For each subject, divide however many days you have until your first exam (minus any days you won’t be studying) by the number of topics you need to revise. This will tell you how many topics you need to revise each day. For example, if you have 60 topics and 30 days, you will need to cover two topics per day. You may also want to keep clear on the calendar a few days before each exam to refresh your subject knowledge of all topics − so remember to bear this in mind.
Remember you have the home advantage: you know how you work best. Put topics you’ll need your full attention for at the times of day when you work best. You may prefer to allocate specific time slots per subject, or you might want to allocate topic-specific tasks to each day. Whichever approach you use is completely up to you! To find out more about content-based versus time-based revision approaches, check out our top revision tips article.
Keep a healthy split between your tougher and more comfortable topics, referring back to your rankings as needed. This way you’re putting the time in where it’s needed while also reaping the benefits of some quick(er) wins. Experiencing a smooth workflow and seeing progress being made will help you build momentum and stay motivated.
6. Schedule breaks
Whether you take a time-oriented or content-oriented approach, it’s vital that you remember to take some time away from your desk. This helps you maintain focus and stops revision feeling even more like a chore.
Some studies suggest our brains can only concentrate for a maximum of 90 minutes before a 15 minute break is needed. Others put the ideal focus timescale at between 15 and 30 minutes. Again, use your insider knowledge: plan based on how long you think you can focus for.
Your breaks should be one of the most flexible parts of your timetable. Keep working until your concentration starts to fade and you’re not in your workflow anymore.
It’s important to recognise that you may not always be able to complete the tasks scheduled for a given day − things will inevitably crop up. Ensure that your timetable isn’t jam-packed and can be adapted if necessary. For example, if you don’t manage to complete Monday’s tasks, there need to be some gaps in your schedule for catching up. It’s all about being realistic. A little time pressure is good, but don’t push yourself too far. We want this to be achievable!
Colour coding allows you to see what subjects you’ll be revising on a specific day at a quick glance (as well as making your timetable look really pretty). When it comes to those inevitable rejigs, using a colour scheme will quickly highlight any topics that have been neglected and help you make effective swaps.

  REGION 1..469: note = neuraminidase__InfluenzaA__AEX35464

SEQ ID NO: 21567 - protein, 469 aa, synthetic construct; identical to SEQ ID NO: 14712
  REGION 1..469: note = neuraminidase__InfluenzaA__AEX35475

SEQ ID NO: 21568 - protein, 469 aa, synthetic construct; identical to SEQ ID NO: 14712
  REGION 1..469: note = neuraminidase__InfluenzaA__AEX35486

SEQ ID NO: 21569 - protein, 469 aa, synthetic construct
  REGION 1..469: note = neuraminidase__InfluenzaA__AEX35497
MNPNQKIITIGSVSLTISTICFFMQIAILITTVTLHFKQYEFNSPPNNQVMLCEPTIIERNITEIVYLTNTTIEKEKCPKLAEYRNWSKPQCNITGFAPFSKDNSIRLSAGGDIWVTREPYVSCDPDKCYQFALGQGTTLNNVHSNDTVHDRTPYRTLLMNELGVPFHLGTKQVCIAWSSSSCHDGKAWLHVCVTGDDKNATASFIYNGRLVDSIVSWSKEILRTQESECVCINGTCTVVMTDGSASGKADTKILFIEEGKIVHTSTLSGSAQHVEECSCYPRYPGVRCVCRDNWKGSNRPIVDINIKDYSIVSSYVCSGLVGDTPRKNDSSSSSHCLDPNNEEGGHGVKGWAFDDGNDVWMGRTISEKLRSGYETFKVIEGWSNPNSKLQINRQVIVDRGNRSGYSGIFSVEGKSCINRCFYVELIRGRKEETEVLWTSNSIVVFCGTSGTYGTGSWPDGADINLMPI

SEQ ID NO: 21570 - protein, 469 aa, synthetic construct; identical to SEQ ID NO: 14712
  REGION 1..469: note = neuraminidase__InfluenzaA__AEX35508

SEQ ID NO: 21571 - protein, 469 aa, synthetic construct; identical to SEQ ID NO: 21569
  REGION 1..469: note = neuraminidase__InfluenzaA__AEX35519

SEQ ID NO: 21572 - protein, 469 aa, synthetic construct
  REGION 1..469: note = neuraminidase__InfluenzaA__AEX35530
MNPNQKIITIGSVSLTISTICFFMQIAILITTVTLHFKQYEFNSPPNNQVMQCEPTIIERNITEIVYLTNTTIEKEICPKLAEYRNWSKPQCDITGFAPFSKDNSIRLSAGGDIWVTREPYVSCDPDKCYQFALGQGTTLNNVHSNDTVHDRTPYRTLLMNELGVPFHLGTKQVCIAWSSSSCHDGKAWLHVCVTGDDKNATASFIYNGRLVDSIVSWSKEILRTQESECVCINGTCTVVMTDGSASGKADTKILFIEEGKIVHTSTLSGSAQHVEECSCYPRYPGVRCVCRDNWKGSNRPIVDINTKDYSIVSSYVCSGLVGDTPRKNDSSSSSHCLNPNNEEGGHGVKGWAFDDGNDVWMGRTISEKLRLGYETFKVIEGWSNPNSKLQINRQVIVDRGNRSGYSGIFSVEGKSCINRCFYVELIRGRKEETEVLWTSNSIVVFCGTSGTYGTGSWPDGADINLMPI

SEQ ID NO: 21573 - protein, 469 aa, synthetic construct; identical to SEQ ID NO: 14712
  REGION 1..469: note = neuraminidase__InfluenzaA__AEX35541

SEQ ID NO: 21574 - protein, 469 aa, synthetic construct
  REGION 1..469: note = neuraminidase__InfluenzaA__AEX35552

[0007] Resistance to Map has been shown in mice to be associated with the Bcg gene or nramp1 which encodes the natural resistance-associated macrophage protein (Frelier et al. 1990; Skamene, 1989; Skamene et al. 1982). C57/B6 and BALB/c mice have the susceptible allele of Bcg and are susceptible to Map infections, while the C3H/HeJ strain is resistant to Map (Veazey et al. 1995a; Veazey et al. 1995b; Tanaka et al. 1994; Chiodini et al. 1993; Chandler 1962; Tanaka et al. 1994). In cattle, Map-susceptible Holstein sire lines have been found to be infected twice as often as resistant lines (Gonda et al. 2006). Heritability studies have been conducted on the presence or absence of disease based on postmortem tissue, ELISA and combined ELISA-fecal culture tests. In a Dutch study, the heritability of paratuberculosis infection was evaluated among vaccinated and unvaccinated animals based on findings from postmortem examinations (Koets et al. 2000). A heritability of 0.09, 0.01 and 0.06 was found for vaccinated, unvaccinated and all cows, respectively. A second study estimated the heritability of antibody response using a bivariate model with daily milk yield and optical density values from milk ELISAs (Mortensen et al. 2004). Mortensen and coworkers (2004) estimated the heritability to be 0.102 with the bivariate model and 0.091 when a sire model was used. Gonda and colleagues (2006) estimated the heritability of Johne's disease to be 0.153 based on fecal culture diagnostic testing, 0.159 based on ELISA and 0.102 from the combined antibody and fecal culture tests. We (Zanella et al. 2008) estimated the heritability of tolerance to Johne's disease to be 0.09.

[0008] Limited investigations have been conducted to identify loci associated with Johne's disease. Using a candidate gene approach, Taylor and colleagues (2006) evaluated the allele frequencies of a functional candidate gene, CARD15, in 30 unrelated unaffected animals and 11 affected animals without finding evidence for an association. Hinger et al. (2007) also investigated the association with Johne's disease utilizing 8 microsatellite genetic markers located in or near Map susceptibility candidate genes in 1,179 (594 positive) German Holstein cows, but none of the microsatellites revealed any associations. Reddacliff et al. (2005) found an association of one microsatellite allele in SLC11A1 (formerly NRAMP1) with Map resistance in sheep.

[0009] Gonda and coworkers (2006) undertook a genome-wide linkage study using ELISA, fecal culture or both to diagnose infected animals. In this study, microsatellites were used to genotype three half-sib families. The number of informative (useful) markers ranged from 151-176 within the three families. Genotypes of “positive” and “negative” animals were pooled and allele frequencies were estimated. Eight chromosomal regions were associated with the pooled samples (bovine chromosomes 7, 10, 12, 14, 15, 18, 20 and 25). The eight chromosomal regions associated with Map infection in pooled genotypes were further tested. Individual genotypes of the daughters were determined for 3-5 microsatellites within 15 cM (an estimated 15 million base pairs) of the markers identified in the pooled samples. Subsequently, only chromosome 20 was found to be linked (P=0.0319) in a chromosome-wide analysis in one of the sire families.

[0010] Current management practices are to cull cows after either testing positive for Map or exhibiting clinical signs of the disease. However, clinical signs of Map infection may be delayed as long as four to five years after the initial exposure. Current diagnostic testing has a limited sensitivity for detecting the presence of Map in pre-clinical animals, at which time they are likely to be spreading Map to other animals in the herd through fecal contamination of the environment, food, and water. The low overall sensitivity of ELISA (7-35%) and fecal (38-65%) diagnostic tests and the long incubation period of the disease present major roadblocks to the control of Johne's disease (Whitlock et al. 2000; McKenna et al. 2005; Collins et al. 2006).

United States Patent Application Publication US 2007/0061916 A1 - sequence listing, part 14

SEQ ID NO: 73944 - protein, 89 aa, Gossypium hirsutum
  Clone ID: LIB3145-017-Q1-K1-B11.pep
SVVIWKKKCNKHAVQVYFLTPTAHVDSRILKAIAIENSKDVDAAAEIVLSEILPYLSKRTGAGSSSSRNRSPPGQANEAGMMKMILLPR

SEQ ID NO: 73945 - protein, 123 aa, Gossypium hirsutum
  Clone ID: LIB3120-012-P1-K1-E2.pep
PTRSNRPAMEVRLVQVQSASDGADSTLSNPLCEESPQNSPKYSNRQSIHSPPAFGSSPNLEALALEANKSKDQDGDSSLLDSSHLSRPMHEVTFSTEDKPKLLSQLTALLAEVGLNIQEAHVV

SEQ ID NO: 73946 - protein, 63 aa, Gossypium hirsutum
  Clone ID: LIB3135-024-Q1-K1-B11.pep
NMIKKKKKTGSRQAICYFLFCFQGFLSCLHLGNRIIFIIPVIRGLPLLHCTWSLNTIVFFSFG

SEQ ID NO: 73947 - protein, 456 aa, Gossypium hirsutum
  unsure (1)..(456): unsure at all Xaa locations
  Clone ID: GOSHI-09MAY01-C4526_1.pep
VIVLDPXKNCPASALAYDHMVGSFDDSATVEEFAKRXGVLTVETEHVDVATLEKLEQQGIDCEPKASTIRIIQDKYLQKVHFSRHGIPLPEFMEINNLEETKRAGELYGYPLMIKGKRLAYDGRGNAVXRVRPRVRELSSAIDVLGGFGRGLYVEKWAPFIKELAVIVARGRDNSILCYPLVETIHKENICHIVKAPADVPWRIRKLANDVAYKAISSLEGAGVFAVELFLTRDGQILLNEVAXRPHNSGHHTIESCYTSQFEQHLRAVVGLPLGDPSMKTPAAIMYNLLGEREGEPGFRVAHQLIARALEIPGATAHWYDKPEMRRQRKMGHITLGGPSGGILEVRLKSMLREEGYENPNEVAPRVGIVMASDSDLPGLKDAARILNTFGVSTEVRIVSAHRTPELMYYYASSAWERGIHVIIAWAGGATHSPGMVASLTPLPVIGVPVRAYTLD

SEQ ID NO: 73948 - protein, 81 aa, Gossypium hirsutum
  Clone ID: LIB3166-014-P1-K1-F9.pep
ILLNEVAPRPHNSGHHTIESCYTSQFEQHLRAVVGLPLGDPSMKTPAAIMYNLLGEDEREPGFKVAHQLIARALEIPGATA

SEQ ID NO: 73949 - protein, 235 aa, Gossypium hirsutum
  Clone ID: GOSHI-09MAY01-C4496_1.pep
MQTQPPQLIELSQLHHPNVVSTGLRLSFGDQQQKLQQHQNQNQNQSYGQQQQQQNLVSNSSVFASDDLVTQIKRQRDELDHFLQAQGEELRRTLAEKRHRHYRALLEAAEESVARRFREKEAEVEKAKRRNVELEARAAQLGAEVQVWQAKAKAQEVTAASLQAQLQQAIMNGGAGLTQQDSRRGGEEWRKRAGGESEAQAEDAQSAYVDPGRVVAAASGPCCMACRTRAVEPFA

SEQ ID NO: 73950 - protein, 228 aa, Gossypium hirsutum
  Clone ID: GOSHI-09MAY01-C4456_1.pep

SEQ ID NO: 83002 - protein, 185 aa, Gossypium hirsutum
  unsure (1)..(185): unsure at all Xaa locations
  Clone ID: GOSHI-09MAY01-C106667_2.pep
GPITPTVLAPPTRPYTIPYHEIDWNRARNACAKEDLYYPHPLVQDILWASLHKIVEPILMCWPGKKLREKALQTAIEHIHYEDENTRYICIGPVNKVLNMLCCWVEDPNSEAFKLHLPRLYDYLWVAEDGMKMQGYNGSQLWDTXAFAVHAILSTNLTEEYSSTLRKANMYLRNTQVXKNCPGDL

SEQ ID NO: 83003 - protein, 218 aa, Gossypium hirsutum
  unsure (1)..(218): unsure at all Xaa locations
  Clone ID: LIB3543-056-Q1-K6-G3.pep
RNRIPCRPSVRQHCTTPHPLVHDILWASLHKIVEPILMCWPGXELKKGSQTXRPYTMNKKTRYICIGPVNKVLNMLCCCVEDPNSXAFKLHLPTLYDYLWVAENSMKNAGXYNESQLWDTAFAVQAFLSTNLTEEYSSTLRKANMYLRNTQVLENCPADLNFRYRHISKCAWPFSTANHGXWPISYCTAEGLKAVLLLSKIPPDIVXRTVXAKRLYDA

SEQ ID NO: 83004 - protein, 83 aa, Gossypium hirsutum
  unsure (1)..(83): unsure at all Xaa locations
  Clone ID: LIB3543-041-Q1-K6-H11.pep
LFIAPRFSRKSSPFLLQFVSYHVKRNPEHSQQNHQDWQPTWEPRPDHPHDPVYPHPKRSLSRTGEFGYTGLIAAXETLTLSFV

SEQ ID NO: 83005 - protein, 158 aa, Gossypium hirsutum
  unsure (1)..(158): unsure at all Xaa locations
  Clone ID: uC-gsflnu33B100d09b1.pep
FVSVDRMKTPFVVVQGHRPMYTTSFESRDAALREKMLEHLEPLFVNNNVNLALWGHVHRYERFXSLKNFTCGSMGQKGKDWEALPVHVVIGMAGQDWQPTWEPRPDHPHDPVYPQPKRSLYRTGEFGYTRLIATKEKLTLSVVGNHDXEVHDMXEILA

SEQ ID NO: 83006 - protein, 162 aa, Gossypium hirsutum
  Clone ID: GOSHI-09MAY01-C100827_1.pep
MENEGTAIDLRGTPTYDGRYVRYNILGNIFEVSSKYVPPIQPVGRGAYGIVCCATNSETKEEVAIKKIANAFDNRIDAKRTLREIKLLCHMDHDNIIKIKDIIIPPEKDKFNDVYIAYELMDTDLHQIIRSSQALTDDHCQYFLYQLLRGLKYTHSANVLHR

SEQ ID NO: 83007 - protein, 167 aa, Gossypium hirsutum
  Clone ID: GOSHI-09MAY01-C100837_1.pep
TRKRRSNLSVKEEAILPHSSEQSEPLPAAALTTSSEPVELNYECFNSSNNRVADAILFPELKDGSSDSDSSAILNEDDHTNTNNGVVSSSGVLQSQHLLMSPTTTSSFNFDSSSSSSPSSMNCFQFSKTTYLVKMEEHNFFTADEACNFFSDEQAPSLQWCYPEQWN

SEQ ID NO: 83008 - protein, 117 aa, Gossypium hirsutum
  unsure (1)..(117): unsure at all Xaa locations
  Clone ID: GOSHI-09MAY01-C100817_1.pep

Factor in time for regular refreshers to consolidate your learning and ensure that topics covered early on aren’t forgotten. For more information on how to tailor your revision to how our brains work, check out this article on Ebbinghaus’ Forgetting Curve.
For some students, it may be helpful to plan exactly what you intend to do in a particular session. It’s not much use knowing you need to revise “Science” between the hours of 4pm and 5pm if you don’t actually know what you should be doing during this time. What does “revise” entail? For example, “I will revise AQA biology cell structure and complete cell structure questions by topic.”
Be harsh but fair
We all have days when we’re simply not up to it. When this happens, it’s okay if you need to switch to a less intense task for the day. Getting something done is far better than not doing anything. That said, be honest with yourself: is this a one-off, letting-it-slide type situation, or are you avoiding a particularly tough subject that you really should face sooner rather than later? A timetable only works if you stick to it, so try your best to respect what past-you did for the sake of future-you.
Set goals and keep track
Use your timetable alongside other planning tools, such as tallying your hours per subject, writing a checklist of tasks to complete (e.g. a mind map and set of flashcards for every physics unit), or keeping a list of all available past papers and your attempts at them. This helps target your sessions and motivate you − who can resist the thrill of ticking that box or moving a task into the DONE column?
Making an online revision timetable
Even if you make a physical copy of your timetable, having a version available online is a good idea: you can take it with you everywhere and it’s easy to adapt. Here are some examples of online resources that can be used to make timetables:
Don’t overthink your revision timetable: there’s no exact science to it. Ultimately, putting the work in is what really counts. Planning is definitely important, just don’t spend so much time making the ideal calendar that you never get round to revising!